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Authors
Moncef Khairallah, Sonia Attia, Sonia Zaouali, Salim Ben Yahia, Rim Kahloun, Riadh Messaoud, Sonia Zouid, Salah Jenzeri

Pattern of childhood-onset uveitis in a referral center in Tunisia, North Africa

publication date
2006 Aug
Category
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Abstract/Introduction

Purpose: To analyze the pattern of childhood uveitis in a referral center in Tunisia, North Africa.

Methods: The study included 64 patients with uveitis examined at the Department of Ophthalmology of Monastir (Tunisia) from January 1994 to July 2005. All patients had a comprehensive ocular and systemic history, including an extensive review of medical systems. Complete ophthalmic examination was performed in all cases, including best-corrected Snellen visual acuity, slit-lamp examination, applanation tonometry, and dilated fundus examination with 3-mirror lens. Standard diagnostic criteria were employed for all syndromes or entities of uveitis.


Conclusion/Results

Results: The mean age at onset of uveitis was 12.4 years. The male-to-female ratio was 0.68. The process was unilateral in 51.6% of patients. Mean follow-up was 43.2 months. Anterior and intermediate uveitis each represented 31.25% of cases, posterior uveitis 20.3%, and panuveitis 17.2%. Noninfectious uveitis (75%) was the most frequent type of inflammation. Idiopathic uveitis was found in 50% of patients. Infectious uveitis was responsible for 25% of the cases, with toxoplasmosis (14.1%) being the most frequent cause. Twenty percent of the patients had systemic associations; juvenile idiopathic arthritis was found in 6.25%. Ocular complications occurred in 74.7% of affected eyes, of which the most common were posterior synechiae (28.4%), cataract (17.9%), cystoid macular edema (19%), and optic disc edema (32.6%). Fifty-seven affected eyes (60%) had a final visual acuity more than 20/40 and nine (9.5%) had a final visual acuity less than 20/200.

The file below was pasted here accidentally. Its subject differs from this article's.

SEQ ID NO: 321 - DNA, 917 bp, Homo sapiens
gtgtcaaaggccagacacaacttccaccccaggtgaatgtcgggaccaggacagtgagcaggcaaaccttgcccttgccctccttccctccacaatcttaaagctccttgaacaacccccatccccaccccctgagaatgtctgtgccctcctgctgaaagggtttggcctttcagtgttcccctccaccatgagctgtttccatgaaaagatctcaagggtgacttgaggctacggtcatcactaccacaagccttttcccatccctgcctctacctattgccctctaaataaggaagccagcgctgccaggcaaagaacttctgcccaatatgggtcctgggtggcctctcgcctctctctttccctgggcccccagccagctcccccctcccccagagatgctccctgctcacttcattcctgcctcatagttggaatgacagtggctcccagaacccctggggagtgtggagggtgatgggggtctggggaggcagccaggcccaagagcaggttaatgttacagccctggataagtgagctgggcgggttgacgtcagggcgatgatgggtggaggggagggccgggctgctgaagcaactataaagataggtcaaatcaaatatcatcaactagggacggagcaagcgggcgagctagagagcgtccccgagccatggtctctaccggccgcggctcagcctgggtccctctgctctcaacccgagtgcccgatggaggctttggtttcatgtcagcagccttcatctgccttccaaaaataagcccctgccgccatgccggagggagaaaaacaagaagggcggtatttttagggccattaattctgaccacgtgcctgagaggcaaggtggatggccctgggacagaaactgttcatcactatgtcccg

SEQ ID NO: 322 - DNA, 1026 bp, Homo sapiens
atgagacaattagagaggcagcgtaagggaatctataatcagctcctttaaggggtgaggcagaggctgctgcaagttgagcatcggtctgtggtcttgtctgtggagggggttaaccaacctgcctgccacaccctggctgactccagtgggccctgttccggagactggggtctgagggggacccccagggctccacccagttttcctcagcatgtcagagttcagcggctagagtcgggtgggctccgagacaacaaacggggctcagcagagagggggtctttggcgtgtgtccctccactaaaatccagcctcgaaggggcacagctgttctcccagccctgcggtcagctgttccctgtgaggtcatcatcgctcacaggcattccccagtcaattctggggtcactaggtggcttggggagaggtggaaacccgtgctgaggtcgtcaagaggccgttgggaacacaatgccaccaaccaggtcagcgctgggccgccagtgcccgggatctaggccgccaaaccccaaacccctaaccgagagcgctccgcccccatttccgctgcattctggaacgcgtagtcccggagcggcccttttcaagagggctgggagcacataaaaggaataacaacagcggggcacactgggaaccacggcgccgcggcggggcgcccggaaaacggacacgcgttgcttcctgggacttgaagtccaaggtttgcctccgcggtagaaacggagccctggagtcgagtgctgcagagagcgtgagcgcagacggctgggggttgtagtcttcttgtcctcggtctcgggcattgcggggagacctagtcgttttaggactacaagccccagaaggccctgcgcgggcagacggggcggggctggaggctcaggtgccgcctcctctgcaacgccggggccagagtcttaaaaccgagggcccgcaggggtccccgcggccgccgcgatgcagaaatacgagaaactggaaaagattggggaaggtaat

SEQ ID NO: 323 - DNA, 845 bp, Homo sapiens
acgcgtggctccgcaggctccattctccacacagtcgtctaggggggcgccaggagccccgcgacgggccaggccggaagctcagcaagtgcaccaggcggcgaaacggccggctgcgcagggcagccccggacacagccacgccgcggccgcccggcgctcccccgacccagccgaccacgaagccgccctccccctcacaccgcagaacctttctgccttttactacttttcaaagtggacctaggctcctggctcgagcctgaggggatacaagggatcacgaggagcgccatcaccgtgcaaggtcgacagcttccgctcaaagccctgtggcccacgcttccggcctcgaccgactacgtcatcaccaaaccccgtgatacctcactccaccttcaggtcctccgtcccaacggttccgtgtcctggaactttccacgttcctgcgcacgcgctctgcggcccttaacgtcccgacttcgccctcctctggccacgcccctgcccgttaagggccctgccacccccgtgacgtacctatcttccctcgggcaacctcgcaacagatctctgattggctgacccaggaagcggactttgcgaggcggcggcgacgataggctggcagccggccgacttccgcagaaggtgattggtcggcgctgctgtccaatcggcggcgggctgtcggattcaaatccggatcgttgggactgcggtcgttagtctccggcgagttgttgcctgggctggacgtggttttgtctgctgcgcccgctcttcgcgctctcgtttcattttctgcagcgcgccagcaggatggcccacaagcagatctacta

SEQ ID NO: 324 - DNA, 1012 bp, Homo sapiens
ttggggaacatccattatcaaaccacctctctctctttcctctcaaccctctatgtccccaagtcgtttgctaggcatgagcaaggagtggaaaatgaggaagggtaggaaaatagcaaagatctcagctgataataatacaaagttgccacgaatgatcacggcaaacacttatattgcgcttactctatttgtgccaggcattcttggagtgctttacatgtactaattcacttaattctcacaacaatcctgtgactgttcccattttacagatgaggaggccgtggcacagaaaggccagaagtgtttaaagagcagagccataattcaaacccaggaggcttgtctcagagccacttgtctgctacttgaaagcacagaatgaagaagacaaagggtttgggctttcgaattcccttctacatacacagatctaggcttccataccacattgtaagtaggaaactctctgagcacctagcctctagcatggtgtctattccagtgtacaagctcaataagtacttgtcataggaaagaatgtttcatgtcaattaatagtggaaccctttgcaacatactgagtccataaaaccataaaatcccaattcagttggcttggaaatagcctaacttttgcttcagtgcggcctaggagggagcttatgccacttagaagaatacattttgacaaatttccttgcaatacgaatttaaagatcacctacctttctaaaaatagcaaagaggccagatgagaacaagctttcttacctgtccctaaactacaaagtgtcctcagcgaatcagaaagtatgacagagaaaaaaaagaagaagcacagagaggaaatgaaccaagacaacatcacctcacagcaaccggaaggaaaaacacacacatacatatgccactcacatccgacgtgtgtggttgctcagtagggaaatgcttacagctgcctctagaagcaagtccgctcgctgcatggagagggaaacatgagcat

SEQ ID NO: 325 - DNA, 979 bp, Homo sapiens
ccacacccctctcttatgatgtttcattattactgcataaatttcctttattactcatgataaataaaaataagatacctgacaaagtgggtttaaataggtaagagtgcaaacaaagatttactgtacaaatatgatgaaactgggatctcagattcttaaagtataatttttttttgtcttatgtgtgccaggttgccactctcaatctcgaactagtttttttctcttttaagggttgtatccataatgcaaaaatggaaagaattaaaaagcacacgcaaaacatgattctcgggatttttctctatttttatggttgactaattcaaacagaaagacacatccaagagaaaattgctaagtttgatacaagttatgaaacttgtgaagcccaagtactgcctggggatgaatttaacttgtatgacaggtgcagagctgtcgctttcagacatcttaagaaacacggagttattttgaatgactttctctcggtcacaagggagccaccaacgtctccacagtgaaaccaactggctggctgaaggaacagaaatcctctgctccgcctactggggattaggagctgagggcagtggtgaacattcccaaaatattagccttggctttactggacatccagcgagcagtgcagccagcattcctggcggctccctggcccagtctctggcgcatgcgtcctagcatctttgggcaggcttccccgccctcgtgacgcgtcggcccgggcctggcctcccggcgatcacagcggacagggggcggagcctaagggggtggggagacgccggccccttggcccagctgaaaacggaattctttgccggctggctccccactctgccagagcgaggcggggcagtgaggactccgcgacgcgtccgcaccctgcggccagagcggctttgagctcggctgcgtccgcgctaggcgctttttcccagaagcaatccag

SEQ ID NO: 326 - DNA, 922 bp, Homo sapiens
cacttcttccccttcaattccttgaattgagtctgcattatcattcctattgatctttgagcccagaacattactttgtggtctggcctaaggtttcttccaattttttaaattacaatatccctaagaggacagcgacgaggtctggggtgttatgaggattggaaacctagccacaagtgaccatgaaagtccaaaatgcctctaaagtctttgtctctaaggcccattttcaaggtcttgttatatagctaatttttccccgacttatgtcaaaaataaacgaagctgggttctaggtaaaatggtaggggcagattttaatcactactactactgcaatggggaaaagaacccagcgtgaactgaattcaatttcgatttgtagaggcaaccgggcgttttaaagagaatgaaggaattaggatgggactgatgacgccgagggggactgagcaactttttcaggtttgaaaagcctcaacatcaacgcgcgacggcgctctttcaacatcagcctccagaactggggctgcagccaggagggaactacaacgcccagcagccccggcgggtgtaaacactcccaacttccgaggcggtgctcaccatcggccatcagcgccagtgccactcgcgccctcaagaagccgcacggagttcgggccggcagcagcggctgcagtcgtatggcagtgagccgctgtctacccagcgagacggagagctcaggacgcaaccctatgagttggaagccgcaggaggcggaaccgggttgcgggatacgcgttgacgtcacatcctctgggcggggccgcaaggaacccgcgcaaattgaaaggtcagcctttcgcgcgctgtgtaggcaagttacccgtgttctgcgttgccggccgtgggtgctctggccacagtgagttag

Conclusions: In a hospital population in Tunisia, a specific cause of uveitis in children was found in half the patients. Idiopathic intermediate uveitis was the leading cause of uveitis in our study, followed by idiopathic anterior uveitis and toxoplasmosis. Uveitis associated with juvenile idiopathic arthritis was rare. Visual prognosis appeared to be good.


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